this Court, is not only erroneous but also suffers from error  in  law.   On
this aspect, separate reasons are assigned while answering point Nos.  (iii)
& (iv).

14.   Point No.(iii) is also required  to  be  answered  in  favour  of  the
appellant. We are of the view that the appellant is  substantially  entitled
to enhancement of compensation under various heads of non-pecuniary  damages
having regard to the concurrent findings recorded  on  this  aspect  of  the
matter by the High  Court.  Both  the  Tribunal  and  the  High  Court  have
accepted the nature of injuries sustained  by  her  and  the  percentage  of
permanent partial disablement suffered by  her  due  to  the  Motor  Vehicle
Accident as per the Disability Certificate No.943 dated 24.2.2006 issued  by
the Chief Medical Officer of the District Medical Board of  Sambalpur.  This
aspect of the matter is very relevant  for  the  purpose  of  examining  the
claim of the appellant and also to find out as to whether the  Tribunal  and
the  High  Court  were  justified  in  not  awarding  just  and   reasonable
compensation in favour of the appellant under  the  various  heads  of  non-
pecuniary damages.  This Court is required to keep in mind  justice,  equity
and good conscience which  must  be  the  primary,  relevant  and  important
aspects for awarding just and  reasonable  compensation  to  an  unfortunate
victim, the appellant herein who has  sustained  grievous  injuries  to  her
body and whose  future  prospects  are  completely  doomed.    Further,  the
Tribunal and courts while awarding compensation for  bodily  injuries,  must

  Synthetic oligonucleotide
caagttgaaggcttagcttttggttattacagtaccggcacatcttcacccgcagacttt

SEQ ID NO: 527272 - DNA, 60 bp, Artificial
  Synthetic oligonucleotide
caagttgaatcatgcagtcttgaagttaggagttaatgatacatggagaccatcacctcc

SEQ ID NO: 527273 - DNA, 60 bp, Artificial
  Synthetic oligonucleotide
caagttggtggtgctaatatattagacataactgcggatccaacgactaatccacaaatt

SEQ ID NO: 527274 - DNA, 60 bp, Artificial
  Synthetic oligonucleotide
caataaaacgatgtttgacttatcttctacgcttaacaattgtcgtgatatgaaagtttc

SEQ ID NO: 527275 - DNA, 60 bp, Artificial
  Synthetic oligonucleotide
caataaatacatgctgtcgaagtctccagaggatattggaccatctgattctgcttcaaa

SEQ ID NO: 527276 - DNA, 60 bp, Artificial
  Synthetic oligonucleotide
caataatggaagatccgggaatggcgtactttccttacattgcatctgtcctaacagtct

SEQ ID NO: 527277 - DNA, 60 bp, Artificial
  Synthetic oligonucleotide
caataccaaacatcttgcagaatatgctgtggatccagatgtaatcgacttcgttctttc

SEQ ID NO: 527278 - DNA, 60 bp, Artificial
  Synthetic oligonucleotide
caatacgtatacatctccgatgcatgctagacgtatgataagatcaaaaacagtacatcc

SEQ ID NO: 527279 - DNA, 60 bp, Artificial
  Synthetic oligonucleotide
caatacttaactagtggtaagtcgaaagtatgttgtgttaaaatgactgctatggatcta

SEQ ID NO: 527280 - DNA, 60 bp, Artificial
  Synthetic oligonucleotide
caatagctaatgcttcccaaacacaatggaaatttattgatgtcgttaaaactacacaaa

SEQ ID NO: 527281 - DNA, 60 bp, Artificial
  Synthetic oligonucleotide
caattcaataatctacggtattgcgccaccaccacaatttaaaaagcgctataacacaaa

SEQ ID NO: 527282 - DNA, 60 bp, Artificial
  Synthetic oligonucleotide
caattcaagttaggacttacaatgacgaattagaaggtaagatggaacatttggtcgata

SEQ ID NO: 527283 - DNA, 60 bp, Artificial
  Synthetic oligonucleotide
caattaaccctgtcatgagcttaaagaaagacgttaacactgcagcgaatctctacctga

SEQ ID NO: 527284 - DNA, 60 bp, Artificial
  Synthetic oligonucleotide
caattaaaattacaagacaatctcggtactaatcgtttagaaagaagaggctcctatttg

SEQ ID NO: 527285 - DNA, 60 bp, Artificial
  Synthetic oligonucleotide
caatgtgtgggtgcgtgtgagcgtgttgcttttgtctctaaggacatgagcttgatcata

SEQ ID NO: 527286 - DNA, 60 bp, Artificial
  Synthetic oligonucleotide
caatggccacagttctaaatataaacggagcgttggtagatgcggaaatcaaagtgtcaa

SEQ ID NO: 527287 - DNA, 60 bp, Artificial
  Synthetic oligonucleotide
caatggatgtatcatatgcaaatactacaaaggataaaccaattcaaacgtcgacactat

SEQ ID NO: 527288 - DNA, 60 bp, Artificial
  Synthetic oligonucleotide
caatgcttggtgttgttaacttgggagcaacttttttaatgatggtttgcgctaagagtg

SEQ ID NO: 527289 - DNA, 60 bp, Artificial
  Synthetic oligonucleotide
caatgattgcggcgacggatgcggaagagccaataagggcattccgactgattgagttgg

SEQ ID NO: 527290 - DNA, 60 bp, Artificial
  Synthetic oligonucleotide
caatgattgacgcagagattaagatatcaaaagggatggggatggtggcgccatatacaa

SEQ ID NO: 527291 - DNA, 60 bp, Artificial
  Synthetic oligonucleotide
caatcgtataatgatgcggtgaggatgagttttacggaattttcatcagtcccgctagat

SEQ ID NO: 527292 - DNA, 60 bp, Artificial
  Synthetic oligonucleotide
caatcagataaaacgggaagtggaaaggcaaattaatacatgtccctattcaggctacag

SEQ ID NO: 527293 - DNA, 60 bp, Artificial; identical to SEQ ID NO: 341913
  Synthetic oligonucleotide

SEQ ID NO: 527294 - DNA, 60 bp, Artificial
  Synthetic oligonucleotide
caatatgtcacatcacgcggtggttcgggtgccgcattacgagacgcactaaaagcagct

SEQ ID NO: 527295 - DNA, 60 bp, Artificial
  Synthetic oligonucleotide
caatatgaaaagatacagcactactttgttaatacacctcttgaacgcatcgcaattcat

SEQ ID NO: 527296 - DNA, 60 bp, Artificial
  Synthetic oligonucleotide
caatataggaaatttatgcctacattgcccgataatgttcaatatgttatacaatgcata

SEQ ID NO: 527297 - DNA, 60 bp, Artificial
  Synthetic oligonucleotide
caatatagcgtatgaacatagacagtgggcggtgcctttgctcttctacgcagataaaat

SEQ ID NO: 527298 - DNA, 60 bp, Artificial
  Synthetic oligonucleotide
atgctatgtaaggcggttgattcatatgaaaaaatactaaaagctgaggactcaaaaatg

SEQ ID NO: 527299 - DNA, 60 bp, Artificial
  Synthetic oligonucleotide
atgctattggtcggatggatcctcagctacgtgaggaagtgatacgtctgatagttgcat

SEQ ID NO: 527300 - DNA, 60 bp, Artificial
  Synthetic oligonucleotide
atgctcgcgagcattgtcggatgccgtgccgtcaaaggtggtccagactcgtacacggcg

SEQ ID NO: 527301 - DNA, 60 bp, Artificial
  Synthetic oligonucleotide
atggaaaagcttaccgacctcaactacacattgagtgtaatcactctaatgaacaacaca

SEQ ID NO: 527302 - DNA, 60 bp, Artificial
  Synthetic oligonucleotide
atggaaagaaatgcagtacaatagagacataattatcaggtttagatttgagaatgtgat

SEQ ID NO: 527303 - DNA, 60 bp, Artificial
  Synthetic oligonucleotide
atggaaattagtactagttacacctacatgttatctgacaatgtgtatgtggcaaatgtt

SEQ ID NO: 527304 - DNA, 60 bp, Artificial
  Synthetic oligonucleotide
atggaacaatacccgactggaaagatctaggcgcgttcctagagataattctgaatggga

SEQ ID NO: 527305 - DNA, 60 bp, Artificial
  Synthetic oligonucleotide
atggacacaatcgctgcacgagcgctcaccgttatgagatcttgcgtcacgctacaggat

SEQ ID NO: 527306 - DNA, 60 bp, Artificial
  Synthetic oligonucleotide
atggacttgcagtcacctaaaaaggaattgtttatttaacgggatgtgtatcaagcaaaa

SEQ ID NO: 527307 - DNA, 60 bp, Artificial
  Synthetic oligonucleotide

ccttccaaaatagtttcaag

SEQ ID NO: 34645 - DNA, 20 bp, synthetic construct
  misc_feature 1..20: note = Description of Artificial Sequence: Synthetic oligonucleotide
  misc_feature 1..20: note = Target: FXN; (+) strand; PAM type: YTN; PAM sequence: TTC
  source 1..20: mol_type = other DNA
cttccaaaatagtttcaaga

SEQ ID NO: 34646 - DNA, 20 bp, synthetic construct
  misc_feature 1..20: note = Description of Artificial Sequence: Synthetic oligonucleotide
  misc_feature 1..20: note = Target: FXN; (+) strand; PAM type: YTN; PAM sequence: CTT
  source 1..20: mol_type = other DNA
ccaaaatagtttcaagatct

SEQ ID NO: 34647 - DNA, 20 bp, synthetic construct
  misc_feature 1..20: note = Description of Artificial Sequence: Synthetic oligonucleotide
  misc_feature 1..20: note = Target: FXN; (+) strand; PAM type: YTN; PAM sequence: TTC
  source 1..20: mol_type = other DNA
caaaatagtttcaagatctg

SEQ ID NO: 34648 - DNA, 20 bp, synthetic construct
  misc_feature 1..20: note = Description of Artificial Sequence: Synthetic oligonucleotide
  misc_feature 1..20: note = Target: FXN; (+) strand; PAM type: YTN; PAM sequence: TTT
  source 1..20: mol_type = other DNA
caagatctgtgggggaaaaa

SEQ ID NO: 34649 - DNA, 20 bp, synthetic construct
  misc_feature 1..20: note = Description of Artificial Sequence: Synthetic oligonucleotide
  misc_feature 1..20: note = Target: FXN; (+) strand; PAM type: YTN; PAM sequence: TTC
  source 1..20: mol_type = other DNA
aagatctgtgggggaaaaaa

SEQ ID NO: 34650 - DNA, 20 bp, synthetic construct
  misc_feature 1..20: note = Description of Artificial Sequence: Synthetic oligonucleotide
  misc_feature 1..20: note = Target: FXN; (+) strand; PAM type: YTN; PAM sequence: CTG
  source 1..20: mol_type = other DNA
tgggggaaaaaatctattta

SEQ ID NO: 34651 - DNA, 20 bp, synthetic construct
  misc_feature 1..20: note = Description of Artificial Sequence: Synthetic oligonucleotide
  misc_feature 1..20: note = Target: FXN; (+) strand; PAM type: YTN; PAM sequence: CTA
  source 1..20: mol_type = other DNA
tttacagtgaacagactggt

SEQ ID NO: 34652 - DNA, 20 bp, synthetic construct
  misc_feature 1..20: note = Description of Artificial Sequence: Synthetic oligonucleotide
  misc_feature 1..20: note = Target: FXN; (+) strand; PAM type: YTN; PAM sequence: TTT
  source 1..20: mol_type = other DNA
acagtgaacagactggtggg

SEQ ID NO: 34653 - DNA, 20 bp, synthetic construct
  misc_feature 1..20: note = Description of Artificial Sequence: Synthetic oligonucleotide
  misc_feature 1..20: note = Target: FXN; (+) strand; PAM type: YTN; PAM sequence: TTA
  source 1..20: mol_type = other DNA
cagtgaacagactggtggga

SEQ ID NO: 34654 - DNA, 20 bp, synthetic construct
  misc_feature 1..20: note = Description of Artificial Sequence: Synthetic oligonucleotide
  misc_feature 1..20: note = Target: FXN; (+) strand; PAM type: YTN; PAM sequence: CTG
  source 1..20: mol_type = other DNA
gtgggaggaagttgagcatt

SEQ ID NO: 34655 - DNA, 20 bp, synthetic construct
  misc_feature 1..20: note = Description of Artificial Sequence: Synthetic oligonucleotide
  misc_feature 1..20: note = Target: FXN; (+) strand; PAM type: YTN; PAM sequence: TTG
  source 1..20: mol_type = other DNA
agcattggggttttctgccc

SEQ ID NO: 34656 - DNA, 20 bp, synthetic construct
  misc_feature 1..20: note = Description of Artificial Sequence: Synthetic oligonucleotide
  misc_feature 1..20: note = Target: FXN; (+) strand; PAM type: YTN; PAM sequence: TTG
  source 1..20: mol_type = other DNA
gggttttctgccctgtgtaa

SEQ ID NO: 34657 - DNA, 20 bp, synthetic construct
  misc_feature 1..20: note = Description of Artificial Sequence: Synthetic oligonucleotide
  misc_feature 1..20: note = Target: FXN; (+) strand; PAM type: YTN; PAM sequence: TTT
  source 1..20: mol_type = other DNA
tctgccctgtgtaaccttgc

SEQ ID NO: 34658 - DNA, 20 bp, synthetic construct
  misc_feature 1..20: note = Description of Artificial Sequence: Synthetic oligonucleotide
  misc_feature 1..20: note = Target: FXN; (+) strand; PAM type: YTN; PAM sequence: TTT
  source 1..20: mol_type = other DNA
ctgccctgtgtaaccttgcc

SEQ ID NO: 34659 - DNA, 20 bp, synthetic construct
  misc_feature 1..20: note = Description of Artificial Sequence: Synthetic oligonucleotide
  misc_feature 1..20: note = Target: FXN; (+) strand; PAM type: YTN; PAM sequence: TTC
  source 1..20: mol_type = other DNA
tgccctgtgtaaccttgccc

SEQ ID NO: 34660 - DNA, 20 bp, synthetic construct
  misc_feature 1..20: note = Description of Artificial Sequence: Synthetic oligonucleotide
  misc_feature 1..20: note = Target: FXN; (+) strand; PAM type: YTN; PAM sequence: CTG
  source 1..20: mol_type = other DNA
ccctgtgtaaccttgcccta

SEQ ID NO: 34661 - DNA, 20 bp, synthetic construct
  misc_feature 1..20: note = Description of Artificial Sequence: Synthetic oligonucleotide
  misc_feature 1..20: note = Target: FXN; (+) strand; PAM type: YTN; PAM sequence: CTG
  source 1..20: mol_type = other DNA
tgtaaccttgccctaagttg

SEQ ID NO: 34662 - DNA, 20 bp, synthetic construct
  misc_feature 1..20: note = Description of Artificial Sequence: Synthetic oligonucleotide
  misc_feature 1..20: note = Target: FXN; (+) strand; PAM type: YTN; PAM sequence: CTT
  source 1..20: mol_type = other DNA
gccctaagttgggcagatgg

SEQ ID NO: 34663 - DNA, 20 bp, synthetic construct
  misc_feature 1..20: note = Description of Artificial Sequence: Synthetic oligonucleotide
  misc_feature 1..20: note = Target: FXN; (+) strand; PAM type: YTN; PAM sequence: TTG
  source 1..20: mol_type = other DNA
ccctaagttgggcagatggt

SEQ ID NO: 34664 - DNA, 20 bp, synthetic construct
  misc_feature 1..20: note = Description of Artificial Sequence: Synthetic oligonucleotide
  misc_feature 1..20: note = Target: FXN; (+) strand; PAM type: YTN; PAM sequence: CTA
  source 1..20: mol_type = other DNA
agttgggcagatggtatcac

realise that the possession  of  one’s  own  body  is  the  first  and  most
valuable of all human rights and that all other  possessions  and  ownership
are the extensions of the basic right. Bodily  injuries  should  be  equated
with the deprivation which entitles a claimant to damages and the amount  of
damages varies in accordance with the gravity of injuries. In  this  regard,
it is worthwhile to refer to certain paragraphs which have been referred  to
by the Karnataka High Court in the case  of  K.  Narasimha  Murthy  vs.  The
Manager,  Oriental  Insurance  Company  Limited  and  Anr.[1],  wherein  the
Division Bench of the Karnataka  High  Court  has  considered  the  relevant
important aspects from the judgment of this Court and  the  House  of  Lords
and different learned scholars and authors of books  on  awarding  pecuniary
and non pecuniary damages. The  abovementioned  decision  states  about  the
approach of the Motor Accidents Claim  Tribunals  and  Courts  for  awarding
just and reasonable compensation in favour of the claimants in  relation  to
the bodily injuries suffered by them. It is worthwhile to extract  Paragraph
16 from K. Narasimha Murthy case (supra), which reads as under:


      “16. The Courts and Tribunals, in bodily injury cases, while assessing
      compensation, should take into  account  all  relevant  circumstances,
      evidence, legal principles governing quantification  of  compensation.
      Further, they have to approach the issue of awarding  compensation  on
      the larger perspectives of justice, equity  and  good  conscience  and
      eschew  technicalities  in  the  decision-making.  There   should   be
      realisation  on  the  part  of  the  Tribunals  and  Courts  that  the
      possession of one's own body is the first and  most  valuable  of  all
      human rights, and that all possessions and ownership are extensions of
      this primary right, while awarding compensation for  bodily  injuries.
      Bodily injury is to be treated  as  a  deprivation  which  entitles  a
      claimant to damages. The amount of damages varies according to gravity
      of injuries.”






15.   In R.D.  Hattangadi  v.  Pest  Control  (India)  Private  Limited  and
Ors.[2], speaking about the heads  of  compensation,  this  Court  has  held
thus:


            "9. Broadly speaking while  fixing  an  amount  of  compensation
      payable to a victim of an accident, the damages have  to  be  assessed
      separately as pecuniary damages and special damages. Pecuniary damages
      are those which the victim has actually incurred and which is  capable
      of being calculated in terms of money; whereas  non-pecuniary  damages
      are those which  are  incapable  of  being  assessed  by  arithmetical
      calculations. In order to appreciate two  concepts  pecuniary  damages